Stainless steel is an alloy made up of different metals. When these metals are mixed in different quantities, they produce several variations of the alloy. Each variation has its own features and uses. There are over 150 varieties of stainless steel, and each of them has different properties, which are further split into grades.
For the food service industry, there are two types of stainless steel: SAE Grades and Flatware Grades. These two grades are commonly known as food-grade stainless steel.
Stainless steel is a fantastic metal, and that’s why it’s so widely used in the kitchen. It doesn’t break, bend or crack and stays shiny for years. Ever wondered why it’s so commonly used in the food service industry? Why not aluminium? Why not iron? Let’s find out.
Amongst lots of metals available in the market, stainless steel is considered as one of the best materials for kitchen utensils. It is incredibly useful due to its strength, durability, and corrosion resistance. It’s not just the food industry; stainless steel is useful in countless applications in different other industries as well.
In India, Aamor Inox is one of the leading manufacturers and suppliers of premium quality Stainless Steel products. We cater to diverse clientele around the world by manufacturing high-quality stainless steel products.
We serve different industries like dairy, instruments, pulp and paper, medical, etc. Based out of New Delhi, India, we export various stainless steel products to over 60 countries worldwide. Please share your enquiries with us on email@example.com, and we’ll get back to you as soon as possible.
Often, people mistakenly believe that stainless steel is a single material. In reality, stainless steel refers to a family of corrosion-resistant steels. Therefore, it is very important for a consumer to understand the distinctive properties of various families and grades of stainless steel so that he can make an informed decision.
Even though stainless steel owes its corrosion resistance primarily to chromium, there are many combinations of metals available in the market today, which also fall within the category of ‘stainless steel’.
When you try to find the best option of stainless steel, you must determine the precise kind of alloy you require for your purpose. That will also help you identify the optimal price point according to your need.
The two major stainless steel labels are:
The term ”stainless steel families” in this case refers to specific properties of that particular alloy. Different families have different ratios of various metals in the alloy. The four prominent stainless steel families include:
d) Martensitic and Precipitation Hardening Stainless Steel
While families act as a differentiator at one level, you need to really look at grades of stainless steel to appreciate what separates one variety from another. Various grades refer to specific properties of the alloy such as toughness, magnetism, corrosion-resistance, and alloy composition.
Pairing a family and grade together gives you a good indication of what to expect from a particular stainless steel alloy. Be it magnetism, toughness, corrosion-resistance or heat-resistance, you can learn about everything by focusing on these two aspects.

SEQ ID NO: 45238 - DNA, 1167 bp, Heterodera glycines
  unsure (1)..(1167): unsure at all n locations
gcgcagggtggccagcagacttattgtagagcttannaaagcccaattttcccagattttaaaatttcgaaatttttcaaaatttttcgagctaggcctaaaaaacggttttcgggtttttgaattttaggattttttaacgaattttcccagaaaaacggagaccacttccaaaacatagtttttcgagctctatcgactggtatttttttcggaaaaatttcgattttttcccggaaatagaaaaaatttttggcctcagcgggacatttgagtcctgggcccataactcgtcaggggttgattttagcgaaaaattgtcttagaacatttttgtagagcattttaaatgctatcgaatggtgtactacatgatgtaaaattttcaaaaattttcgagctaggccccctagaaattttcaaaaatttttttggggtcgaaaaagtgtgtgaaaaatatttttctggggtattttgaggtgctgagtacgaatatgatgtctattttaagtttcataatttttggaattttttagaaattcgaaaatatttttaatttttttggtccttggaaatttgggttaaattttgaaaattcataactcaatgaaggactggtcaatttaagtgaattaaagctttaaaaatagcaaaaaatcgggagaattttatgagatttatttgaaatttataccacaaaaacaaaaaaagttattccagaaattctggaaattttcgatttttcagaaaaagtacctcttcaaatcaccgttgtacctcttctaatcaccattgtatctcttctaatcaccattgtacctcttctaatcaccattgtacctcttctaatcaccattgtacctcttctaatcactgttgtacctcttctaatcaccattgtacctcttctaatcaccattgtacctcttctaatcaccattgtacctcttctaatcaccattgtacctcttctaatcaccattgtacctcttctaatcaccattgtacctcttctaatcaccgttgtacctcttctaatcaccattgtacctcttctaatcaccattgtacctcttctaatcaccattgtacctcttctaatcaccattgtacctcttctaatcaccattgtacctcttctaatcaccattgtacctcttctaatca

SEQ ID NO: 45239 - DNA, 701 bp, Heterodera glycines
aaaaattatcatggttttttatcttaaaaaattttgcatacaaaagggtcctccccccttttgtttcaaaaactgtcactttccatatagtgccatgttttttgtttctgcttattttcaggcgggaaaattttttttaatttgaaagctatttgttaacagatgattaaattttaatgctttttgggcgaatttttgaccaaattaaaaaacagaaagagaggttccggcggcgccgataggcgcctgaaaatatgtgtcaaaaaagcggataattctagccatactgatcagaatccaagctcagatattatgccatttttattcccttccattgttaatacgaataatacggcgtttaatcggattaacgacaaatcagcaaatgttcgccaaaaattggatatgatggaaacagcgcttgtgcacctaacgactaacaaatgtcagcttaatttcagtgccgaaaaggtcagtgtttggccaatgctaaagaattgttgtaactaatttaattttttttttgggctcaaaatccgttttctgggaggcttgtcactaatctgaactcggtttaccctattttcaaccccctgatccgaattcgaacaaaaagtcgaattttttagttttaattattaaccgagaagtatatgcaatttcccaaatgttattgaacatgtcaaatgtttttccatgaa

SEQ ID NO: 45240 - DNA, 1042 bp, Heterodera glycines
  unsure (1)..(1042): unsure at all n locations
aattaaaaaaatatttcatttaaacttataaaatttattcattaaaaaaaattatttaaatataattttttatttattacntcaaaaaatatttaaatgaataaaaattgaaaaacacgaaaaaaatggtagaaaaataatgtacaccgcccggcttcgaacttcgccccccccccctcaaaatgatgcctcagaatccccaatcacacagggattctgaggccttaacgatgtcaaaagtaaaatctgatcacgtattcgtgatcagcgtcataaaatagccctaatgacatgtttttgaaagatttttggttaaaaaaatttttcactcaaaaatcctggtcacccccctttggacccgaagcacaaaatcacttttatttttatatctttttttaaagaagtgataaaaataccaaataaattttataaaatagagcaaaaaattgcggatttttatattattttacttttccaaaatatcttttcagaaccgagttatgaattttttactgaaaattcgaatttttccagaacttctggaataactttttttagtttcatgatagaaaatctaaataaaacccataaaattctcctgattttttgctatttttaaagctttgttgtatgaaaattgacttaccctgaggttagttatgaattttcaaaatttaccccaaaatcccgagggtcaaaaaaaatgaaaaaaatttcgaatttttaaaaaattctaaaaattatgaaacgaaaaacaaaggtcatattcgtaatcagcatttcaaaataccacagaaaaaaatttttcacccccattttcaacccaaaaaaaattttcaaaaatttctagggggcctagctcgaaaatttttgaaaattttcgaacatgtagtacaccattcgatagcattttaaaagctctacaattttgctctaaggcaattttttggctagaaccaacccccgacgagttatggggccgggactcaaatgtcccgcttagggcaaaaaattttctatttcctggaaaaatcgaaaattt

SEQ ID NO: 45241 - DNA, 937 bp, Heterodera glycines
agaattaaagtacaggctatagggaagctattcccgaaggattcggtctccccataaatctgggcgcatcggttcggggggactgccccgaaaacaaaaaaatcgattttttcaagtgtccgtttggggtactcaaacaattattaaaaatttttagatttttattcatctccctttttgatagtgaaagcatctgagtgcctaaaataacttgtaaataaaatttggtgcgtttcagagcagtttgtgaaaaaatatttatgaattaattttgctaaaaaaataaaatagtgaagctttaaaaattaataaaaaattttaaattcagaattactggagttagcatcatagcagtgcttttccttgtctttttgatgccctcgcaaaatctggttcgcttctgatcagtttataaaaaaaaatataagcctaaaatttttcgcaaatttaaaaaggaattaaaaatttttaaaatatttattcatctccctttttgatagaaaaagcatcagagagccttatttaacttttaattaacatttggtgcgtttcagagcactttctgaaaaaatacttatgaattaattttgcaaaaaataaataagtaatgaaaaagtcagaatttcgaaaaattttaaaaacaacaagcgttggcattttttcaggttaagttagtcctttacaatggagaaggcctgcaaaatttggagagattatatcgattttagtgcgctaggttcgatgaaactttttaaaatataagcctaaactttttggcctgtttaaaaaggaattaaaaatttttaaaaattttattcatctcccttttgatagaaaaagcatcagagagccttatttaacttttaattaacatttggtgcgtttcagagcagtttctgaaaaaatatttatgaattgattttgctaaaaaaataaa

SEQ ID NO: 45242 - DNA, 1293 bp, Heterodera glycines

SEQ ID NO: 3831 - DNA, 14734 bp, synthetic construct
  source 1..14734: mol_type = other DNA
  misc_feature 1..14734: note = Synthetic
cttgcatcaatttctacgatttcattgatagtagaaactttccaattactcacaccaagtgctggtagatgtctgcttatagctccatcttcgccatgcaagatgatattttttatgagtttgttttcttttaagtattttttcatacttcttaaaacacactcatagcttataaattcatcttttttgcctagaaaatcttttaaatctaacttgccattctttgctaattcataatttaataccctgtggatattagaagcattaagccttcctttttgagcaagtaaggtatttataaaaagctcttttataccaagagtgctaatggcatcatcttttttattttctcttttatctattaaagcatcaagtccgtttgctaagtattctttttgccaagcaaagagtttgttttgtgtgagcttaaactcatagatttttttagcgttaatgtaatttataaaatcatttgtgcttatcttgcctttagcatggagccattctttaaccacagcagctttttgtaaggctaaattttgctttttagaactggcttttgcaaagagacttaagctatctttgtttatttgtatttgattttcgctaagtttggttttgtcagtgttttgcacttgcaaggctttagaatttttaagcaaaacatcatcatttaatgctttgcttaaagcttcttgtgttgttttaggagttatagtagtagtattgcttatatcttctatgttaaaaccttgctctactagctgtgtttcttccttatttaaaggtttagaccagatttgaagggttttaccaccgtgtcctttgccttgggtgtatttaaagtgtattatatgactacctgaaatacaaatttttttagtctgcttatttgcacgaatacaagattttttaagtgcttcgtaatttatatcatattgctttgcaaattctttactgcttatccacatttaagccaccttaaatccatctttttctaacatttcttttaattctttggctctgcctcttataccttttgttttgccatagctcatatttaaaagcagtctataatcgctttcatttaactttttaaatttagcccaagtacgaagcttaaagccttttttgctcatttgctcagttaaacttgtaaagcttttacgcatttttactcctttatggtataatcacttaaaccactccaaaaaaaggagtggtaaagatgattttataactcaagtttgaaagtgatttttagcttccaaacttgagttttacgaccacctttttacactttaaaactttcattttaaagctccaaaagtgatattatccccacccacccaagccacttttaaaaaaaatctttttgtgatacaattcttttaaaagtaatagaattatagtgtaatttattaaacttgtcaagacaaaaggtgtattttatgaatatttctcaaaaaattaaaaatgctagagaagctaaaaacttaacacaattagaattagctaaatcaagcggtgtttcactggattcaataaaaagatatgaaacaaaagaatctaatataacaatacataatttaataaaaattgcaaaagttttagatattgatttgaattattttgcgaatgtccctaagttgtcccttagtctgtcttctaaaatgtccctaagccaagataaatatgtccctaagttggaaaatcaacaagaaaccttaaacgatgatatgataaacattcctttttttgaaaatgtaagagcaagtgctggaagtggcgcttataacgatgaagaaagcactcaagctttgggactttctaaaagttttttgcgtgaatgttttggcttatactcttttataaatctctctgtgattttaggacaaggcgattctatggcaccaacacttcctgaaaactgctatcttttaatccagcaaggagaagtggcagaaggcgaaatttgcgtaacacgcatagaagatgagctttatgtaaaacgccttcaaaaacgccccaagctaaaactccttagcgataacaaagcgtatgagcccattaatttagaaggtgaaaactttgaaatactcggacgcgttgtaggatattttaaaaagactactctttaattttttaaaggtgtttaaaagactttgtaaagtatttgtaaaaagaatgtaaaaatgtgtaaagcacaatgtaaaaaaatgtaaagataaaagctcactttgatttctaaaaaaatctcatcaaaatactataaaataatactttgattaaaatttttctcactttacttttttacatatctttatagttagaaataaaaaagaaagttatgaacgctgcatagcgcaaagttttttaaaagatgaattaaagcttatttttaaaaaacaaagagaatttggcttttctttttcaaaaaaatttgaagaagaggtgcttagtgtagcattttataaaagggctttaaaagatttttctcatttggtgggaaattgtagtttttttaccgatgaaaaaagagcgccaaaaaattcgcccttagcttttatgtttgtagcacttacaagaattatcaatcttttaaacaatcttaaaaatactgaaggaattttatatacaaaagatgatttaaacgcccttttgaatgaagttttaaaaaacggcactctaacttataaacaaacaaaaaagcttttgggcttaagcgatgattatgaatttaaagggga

The following classifications will make you aware of what to expect within each family as well as common grades.
Austenitic: This is the most widely used family of stainless steel worldwide. It mostly includes chromium and nickel, though some grades also include manganese and molybdenum. Austenitic stainless steel is non-magnetic when annealed with a solution. However, there are also certain cold worked grades that are magnetic. Heat-based hardening does not work for this type of stainless steel. However, it promises excellent corrosion-resistance and is also highly weldable. Austenitic stainless steel’s popular grades include 303, 304, 316, 310, and 321 grades.
Ferritic: This is one of the most cost-effective families of stainless steel available in the market. It has a low nickel content but includes chromium, molybdenum, niobium, and/or titanium. These metals improve the toughness and creep resistance of this alloy. This variety is magnetic, highly corrosion-resistant and weldable. Its most popular indoor applications include kitchenware, exhaust etc. This family is well-suited for applications where cost and performance matter more than visual appeal. Common grades of ferritic stainless steel include 409 and 430 grades.
Duplex: This family includes most of the recent and proprietary stainless steel alloys. If you opt for duplex grades, you can benefit the most from its properties, which are a combination of both austenitic and ferritic stainless steels’ properties. When it comes to the Duplex family of stainless steel, its characteristics depend upon the specific alloy. The characteristics include weight, toughness, and tensile strength. A number of alloys are created based on specific industrial concerns. This family of stainless steel is also available in a chloride-resistant variety, which is popular in offshore use. In this family, the common grades include 318L, LDX 2101, LDX 2304, 2507, and 4501.
Martensitic and Precipitation Hardening: Martensitic and precipitation hardening steels are the most common of the four major families of stainless steel. These are popular in applications that need a precise and hardened edge. This family is also the best choice for making knives, scissors, razors, and medical tools. This stainless steel alloy promises moderate to good corrosion-resistance and retains its magnetism after hardening. 410 and 420 grades are the common grades of martensitic and precipitation hardening steels. Be it making ornamental structures or rugged industrial applications, stainless steels have a wide range of usages and applications. It is crucial to understand the unique characteristics of different stainless steel alloys so that you make the right choice.